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“Allons enfants…” – in which M.K. Tod tells us of the bloody destruction of Paris

Think Paris. Think violent revolutions, streets running with blood, radicals screaming for a new order while holding red banners aloft, and many of you will go, “oh, yes: Les Miserables.” Which, of course, is correct. As is “That’s right, the French Revolution.” But for Paris there was not just one bloody upheaval—not even two. Paris was to suffer several revolutions, and one of them was in 1870.

Why all this stuff about Paris and revolutions? Well, because today I have the pleasure of inviting M.K.Tod to my blog to talk about her upcoming release, Paris in Ruins. Unsurprisingly given my opening paragraph, the events depicted in Ms Tod’s book take place in 1870. But things are much, much more complicated than a mere revolution. However, instead of me telling you about it, how about we turn things over to today’s guest? Go at it, Mary!


Paris in Ruins was prompted by readers’ questions about an earlier novel titled Lies Told in Silence. That story begins in 1914, when a young woman called Helene leaves Paris for a small town in northern France along with her mother, her younger brother, and her grandmother Mariele, a woman whose past holds tragedy and secrets.

To my delight, readers were taken with Mariele and the role she played in Helene’s coming of age. They wanted to know more about her. A second character threads her way through Lies Told in Silence – Camille Noisette, Mariele’s sister-in-law. Although Camille died before 1914, she features in that story through the memories of Mariele and through her house, which is located just outside the village of Beaulieu.

Young woman in a boat, dated 1870 (Tissot)

What could Mariele and Camille’s story be? I pondered this question for a while. What if I went back to a time when they were young women and the historical events that might have shaped their lives? I did the calculation and landed in 1870.

By the summer of 1870, Napoleon III, nephew of Napoleon I, had presided over France for twenty-two years, first as president and then as emperor. During that time, he expanded the French empire, modernized the economy, extended the railways and the merchant marine, and negotiated significant trade agreements with Britain and other European countries. He also dismantled and rebuilt large parts of Paris to create the boulevards and buildings that remain to this day and give the city its distinctive style.

For some—the aristocrats, the Catholic Church, military and political leaders, and the upper middle class—life was good. However, the gap between rich and poor had widened. The working class merely scraped by and half the population lived with poverty and destitution. The people were restless. Protests bubbled beneath the surface, occasionally spilling over onto the streets in riots and demonstrations. According to one account, people assembled every night on the Boulevards, singing the Marseillaise, destroying property, their leaders inflaming the crowds with sedition.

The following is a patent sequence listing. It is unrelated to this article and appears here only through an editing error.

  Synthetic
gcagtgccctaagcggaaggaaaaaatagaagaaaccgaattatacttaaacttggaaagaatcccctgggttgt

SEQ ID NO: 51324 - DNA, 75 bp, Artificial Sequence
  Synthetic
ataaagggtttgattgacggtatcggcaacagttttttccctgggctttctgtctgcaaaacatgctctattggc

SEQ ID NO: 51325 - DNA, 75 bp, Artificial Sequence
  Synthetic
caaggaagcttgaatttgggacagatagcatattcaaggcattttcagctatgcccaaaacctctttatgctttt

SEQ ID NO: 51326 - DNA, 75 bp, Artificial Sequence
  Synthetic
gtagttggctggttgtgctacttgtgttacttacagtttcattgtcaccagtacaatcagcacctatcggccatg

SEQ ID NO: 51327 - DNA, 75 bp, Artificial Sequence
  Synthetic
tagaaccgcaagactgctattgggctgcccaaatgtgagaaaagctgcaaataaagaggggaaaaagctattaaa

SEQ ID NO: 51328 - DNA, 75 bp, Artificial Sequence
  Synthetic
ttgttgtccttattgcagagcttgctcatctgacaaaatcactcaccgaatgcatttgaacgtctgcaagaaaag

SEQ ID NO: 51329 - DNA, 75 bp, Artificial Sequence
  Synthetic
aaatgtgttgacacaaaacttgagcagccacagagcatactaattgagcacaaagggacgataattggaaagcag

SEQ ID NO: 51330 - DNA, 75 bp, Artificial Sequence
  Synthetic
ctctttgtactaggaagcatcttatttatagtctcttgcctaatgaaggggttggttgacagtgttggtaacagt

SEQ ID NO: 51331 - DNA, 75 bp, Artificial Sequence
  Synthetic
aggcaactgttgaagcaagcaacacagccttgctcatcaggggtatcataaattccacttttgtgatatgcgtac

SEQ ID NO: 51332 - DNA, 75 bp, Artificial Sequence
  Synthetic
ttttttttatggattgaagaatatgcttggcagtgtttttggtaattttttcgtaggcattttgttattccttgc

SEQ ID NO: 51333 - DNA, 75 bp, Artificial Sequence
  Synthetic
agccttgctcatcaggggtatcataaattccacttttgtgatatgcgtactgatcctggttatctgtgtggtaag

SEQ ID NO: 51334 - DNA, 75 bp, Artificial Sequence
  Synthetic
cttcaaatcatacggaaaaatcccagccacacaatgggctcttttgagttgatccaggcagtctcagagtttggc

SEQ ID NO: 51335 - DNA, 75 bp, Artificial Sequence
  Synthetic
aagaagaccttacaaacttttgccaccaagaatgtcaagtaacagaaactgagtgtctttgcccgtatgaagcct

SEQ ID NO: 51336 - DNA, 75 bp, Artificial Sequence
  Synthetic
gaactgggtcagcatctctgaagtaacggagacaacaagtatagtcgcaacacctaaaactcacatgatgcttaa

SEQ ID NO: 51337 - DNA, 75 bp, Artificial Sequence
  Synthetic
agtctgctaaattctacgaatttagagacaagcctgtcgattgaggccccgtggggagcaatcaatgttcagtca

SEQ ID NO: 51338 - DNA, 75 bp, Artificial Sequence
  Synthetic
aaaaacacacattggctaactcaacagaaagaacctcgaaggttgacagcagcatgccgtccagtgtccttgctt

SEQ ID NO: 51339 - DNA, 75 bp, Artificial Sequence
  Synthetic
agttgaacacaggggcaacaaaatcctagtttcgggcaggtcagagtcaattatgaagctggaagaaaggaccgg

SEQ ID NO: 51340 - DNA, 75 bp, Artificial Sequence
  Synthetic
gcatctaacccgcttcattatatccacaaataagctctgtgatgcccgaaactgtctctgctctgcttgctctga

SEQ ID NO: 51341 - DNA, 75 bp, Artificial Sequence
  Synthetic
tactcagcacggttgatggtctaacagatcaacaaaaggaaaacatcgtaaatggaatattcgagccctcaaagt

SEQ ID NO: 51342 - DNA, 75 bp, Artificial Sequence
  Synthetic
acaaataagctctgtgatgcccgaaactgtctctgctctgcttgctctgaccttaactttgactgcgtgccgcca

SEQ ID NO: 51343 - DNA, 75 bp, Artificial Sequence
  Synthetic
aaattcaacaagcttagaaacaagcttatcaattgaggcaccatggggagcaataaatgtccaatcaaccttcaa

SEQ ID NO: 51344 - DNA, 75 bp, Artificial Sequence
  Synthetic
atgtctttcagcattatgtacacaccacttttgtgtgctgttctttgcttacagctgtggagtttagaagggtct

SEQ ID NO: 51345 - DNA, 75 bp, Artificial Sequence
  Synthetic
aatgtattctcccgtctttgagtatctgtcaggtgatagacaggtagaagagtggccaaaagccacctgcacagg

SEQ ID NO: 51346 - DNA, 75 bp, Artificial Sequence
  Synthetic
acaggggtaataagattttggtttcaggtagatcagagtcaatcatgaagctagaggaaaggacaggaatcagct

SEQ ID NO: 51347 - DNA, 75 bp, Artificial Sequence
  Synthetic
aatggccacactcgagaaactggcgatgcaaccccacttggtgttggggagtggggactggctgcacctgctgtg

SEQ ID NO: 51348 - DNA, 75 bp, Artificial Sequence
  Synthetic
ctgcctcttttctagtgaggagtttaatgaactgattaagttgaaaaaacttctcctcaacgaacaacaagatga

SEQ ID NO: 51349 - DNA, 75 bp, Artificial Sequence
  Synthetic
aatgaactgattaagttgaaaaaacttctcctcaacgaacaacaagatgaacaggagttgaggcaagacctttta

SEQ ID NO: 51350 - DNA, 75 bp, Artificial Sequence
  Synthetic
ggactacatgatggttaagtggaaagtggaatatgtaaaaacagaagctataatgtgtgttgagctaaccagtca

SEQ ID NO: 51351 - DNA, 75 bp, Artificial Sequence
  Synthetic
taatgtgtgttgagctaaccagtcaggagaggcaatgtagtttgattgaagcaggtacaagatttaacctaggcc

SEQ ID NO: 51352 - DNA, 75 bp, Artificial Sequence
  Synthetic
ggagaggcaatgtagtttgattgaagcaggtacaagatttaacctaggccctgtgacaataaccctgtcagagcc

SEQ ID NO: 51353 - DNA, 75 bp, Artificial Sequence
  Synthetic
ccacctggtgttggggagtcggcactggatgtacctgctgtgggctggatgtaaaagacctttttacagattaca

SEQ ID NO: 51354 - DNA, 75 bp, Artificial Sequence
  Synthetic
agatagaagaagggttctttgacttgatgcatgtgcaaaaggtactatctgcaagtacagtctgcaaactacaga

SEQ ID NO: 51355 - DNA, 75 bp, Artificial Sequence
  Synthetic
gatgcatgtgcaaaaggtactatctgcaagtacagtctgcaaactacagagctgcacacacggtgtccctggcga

At the same time, the increasing militarism of Prussia and its desire to unite all German states into one country threatened Napoleon III’s regime. In early 1870, Prussia engineered a crisis that threatened France and by the middle of July, the two countries were at war. Prussian forces were superior in numbers, leadership, and technology. On September 2nd, Napoleon III surrendered after huge losses at the Battle of Sedan. By September 15th, the Prussian army reached the outskirts of Paris. By the 19th, Paris was totally surrounded. The siege lasted until the end of January 1871.

Siege de Paris, E Meissonier

Tragedy didn’t end there. In the middle of March, radical republicans overthrew the government and established the Paris Commune. For ten weeks, the Commune carried out acts of murder, assassination, pillage, robbery, blasphemy, and terror, until finally expiring in blood and flames.

Wonderful! War, destruction, death, starvation, and a ruthless insurrection – all that drama, plus two capable women and an unexpected friendship. Throw in a dash of unscrupulous behavior, some clandestine activities, an element of romance, the desire to protect those you love and to serve your country, and voilà, as the French say.


Thank you for that, Mary. I must admit that the late 19th century is not a period I normally gravitate towards, but after reading Paris in Ruins, I realise there is SO much going on in that period. Technical advancements, political movements, women who are demanding a say-so in their lives…


Paris 1870. Raised for a life of parties and servants, Camille and Mariele have much in common, but it takes the horrors of war to bring them together to fight for the city and people they love.